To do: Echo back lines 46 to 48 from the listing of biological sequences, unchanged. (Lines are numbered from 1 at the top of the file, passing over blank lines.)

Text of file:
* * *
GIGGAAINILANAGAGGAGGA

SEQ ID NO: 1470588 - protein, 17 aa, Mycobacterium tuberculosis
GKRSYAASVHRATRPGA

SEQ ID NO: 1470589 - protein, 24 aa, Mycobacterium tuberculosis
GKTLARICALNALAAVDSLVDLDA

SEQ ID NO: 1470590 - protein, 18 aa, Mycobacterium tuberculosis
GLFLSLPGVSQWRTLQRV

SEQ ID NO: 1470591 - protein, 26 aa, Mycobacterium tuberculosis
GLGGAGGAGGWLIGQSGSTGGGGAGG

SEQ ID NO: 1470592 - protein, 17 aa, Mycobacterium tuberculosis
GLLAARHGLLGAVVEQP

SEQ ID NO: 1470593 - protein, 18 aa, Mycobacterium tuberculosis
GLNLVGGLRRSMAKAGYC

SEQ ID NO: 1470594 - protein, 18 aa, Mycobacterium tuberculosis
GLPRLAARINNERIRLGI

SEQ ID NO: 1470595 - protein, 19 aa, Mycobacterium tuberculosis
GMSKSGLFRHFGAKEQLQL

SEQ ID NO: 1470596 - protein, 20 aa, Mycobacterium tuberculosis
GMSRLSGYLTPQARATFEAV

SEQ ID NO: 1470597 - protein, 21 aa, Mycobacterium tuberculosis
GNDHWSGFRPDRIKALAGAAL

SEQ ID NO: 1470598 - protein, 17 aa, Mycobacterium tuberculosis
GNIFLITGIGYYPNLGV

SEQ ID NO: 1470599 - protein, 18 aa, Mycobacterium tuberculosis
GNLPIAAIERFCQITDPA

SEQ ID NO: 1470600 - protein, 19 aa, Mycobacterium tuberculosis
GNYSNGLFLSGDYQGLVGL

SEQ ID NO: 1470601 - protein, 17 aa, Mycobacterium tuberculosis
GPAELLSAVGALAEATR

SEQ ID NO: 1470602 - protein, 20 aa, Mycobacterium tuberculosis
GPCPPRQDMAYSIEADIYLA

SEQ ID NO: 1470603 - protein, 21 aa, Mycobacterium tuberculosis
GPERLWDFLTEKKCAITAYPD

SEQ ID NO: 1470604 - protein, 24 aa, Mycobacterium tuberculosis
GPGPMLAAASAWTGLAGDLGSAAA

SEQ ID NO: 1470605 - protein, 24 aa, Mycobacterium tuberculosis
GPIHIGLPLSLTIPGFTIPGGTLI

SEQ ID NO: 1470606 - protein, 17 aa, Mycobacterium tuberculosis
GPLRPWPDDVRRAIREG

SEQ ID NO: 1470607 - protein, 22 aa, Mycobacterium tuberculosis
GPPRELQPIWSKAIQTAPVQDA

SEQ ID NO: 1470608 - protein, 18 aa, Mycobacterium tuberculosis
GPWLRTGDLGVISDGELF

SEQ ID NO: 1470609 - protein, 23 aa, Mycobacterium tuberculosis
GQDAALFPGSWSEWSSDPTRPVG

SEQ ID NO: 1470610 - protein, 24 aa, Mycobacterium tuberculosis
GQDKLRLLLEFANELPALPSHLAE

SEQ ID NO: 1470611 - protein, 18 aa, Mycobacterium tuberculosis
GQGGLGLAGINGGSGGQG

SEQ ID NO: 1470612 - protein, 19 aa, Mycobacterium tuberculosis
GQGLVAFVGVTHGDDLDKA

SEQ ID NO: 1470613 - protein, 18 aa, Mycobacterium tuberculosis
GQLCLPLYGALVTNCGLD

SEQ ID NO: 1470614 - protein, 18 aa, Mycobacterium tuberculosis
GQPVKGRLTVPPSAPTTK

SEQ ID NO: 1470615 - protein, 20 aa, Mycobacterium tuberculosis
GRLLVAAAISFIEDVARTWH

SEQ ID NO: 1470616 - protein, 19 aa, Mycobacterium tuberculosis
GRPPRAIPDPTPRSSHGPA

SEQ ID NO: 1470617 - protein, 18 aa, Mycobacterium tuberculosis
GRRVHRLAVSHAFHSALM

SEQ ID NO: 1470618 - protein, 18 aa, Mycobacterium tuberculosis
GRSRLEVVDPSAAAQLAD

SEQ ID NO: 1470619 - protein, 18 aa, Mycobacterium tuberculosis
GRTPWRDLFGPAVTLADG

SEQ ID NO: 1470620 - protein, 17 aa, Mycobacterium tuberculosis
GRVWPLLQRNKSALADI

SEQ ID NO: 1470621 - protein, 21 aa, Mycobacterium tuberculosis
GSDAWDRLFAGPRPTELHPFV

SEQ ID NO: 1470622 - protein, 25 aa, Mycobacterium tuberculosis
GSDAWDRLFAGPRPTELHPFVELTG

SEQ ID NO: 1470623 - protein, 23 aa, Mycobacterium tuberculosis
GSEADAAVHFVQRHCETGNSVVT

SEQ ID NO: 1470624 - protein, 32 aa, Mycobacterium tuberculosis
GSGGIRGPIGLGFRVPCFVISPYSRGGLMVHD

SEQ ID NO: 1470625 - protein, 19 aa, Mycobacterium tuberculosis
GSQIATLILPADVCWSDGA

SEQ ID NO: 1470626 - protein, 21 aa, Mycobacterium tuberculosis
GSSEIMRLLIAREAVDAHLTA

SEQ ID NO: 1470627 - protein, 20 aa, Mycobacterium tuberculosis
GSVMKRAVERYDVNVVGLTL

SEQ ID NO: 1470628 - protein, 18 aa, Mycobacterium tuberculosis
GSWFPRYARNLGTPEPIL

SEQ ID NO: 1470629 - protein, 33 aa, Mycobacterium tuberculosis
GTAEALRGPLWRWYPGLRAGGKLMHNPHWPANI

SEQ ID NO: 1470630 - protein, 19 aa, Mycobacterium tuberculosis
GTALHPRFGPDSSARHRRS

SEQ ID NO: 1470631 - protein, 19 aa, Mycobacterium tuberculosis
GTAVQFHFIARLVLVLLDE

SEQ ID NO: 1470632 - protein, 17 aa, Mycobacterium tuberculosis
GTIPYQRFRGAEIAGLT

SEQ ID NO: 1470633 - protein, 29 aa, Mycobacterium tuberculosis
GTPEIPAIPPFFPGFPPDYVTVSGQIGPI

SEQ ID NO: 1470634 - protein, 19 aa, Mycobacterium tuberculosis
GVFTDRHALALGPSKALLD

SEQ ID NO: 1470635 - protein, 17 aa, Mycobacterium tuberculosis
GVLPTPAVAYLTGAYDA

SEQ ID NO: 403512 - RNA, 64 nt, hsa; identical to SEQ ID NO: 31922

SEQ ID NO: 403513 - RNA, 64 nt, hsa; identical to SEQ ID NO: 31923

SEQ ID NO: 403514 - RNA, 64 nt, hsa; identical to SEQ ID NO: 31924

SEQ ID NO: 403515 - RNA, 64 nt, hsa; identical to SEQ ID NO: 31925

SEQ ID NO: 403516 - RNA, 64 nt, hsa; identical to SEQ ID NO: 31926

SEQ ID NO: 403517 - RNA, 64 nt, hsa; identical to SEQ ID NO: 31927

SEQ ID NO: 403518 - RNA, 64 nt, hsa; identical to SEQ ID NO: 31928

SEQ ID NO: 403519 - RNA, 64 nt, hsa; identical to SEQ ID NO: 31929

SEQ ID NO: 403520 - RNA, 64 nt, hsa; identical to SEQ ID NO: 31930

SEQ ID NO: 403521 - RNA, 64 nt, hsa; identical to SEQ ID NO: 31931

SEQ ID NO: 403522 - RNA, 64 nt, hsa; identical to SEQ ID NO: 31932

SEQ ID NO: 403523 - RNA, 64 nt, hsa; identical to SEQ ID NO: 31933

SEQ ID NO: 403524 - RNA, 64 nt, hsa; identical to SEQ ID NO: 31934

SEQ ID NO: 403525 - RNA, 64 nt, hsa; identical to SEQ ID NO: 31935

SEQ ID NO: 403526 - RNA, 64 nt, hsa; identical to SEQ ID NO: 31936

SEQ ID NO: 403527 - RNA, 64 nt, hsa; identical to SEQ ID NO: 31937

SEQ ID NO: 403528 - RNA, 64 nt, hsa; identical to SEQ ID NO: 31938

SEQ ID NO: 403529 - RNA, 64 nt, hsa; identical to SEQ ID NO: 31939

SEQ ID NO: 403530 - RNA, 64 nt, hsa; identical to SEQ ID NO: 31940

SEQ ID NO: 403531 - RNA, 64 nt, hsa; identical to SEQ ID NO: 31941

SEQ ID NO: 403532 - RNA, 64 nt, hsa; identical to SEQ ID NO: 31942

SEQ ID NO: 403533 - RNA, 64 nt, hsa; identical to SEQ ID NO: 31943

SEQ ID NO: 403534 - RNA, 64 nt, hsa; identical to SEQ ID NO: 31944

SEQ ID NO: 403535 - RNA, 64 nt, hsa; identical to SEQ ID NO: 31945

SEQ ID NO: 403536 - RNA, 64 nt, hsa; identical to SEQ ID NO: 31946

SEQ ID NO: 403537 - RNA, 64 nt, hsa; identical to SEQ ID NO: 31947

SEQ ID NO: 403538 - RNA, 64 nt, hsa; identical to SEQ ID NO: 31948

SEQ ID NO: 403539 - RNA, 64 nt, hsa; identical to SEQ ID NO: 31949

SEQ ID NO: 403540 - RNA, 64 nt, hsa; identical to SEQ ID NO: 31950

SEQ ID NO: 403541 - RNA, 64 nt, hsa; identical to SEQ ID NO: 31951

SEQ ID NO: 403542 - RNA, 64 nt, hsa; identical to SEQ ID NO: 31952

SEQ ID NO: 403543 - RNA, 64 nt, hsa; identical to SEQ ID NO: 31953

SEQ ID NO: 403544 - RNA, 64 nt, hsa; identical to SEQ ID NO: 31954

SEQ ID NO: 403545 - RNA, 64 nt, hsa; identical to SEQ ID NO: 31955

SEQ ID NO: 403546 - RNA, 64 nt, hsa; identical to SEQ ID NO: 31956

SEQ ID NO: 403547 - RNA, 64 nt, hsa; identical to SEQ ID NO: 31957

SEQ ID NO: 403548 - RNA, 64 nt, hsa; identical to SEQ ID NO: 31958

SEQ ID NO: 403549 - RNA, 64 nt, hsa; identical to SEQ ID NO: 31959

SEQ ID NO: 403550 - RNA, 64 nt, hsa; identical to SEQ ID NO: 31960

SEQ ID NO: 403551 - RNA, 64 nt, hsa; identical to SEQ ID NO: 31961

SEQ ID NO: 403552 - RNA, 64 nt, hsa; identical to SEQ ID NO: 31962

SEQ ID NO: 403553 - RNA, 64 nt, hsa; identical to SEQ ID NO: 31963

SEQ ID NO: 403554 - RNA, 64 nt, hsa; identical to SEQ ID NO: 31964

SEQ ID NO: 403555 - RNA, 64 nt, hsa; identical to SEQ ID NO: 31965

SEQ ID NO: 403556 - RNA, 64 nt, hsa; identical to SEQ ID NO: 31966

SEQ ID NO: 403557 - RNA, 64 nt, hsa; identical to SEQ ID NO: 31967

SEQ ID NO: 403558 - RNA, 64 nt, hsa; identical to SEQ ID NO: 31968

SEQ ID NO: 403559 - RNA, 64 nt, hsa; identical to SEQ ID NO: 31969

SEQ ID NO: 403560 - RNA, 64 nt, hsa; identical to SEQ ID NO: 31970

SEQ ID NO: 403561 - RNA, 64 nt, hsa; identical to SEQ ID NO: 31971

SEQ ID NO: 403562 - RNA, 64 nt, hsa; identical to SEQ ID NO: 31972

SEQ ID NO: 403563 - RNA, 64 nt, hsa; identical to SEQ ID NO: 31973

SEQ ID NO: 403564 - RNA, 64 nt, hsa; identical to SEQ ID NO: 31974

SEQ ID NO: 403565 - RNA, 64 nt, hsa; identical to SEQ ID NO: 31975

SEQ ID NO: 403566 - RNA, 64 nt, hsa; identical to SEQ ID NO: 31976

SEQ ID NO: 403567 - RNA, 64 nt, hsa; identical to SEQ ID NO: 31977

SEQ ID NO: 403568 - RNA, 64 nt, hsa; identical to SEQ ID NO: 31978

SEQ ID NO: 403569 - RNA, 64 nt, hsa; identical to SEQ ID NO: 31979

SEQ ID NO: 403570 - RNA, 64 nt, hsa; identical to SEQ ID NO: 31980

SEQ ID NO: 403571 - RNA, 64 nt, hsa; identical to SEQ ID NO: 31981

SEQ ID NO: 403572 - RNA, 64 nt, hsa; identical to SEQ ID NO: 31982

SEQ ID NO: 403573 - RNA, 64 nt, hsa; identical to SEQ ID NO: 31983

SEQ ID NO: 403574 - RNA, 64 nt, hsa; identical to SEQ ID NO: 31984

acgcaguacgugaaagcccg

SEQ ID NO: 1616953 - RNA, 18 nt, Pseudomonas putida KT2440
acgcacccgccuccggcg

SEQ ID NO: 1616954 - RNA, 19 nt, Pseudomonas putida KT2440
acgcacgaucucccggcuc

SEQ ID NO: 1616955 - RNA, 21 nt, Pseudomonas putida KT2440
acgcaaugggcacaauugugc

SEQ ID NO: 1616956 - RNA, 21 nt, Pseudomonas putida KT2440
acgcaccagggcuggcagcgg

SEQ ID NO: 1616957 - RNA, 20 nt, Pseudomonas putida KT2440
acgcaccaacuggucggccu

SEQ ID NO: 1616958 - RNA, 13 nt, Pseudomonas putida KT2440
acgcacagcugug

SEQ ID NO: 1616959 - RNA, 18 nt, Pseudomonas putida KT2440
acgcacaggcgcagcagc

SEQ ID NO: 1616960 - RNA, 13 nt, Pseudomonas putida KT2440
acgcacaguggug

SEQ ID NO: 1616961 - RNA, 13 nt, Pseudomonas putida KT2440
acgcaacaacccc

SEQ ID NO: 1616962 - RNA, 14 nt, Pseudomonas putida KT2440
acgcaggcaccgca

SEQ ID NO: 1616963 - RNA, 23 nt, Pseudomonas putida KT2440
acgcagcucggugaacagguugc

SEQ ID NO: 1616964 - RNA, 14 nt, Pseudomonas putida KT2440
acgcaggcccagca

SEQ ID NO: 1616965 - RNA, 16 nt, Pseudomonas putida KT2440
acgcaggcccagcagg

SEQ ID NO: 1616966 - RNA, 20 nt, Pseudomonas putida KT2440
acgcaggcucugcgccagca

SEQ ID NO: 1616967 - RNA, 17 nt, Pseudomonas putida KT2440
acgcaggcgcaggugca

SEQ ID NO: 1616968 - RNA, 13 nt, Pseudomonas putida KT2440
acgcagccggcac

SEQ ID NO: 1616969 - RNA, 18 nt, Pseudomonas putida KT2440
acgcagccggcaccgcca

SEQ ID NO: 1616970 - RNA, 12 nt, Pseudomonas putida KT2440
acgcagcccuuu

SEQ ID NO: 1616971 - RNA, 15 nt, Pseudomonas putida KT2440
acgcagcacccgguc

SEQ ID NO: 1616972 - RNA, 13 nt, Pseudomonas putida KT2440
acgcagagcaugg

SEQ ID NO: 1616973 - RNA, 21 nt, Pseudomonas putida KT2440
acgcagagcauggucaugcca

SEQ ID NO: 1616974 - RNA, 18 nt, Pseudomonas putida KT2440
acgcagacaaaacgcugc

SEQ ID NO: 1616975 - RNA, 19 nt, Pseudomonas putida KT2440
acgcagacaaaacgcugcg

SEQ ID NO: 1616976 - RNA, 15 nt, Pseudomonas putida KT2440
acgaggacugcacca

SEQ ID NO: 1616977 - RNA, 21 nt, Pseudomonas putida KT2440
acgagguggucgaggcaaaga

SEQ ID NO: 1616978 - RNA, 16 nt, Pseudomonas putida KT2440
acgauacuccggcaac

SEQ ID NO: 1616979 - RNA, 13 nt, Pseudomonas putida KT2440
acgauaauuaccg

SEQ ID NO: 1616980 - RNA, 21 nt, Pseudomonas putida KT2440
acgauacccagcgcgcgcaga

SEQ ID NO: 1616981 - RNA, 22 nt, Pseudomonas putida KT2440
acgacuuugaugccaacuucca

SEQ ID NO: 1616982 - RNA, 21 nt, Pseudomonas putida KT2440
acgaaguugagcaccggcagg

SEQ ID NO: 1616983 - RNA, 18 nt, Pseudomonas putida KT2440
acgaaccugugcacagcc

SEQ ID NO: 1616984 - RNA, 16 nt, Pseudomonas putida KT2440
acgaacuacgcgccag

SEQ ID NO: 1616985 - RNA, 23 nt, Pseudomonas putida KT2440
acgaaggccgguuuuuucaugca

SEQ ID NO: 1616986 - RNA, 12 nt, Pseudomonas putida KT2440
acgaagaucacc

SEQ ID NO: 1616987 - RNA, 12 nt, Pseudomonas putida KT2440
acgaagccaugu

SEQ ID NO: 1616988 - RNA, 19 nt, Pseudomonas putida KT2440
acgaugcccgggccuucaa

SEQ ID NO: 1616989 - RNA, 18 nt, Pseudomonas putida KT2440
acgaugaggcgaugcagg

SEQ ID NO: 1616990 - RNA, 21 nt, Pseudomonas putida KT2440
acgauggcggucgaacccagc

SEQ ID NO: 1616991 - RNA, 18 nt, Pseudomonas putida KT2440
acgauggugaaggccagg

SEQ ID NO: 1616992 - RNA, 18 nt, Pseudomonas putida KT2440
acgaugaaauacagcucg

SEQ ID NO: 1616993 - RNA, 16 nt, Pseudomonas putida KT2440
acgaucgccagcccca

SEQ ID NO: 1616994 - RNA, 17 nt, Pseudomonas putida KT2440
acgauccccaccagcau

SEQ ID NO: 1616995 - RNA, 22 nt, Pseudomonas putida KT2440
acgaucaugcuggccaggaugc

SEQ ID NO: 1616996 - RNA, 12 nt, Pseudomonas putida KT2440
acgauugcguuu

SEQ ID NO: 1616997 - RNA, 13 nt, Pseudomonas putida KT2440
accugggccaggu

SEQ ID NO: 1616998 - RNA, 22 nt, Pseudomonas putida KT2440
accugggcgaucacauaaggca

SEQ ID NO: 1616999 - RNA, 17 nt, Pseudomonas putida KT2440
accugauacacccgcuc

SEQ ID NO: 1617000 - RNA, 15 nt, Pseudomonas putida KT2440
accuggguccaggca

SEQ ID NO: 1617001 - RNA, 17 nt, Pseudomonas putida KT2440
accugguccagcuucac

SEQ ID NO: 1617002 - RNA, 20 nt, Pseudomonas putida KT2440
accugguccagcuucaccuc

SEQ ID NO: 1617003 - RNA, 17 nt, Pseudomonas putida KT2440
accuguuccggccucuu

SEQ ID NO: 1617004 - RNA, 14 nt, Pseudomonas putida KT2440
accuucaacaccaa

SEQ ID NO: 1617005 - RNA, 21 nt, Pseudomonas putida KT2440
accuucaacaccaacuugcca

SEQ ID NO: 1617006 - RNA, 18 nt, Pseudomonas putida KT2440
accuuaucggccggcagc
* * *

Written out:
SEQ ID NO: 1470610 - protein, 24 aa, Mycobacterium tuberculosis
GQDKLRLLLEFANELPALPSHLAE

SEQ ID NO: 1470611 - protein, 18 aa, Mycobacterium tuberculosis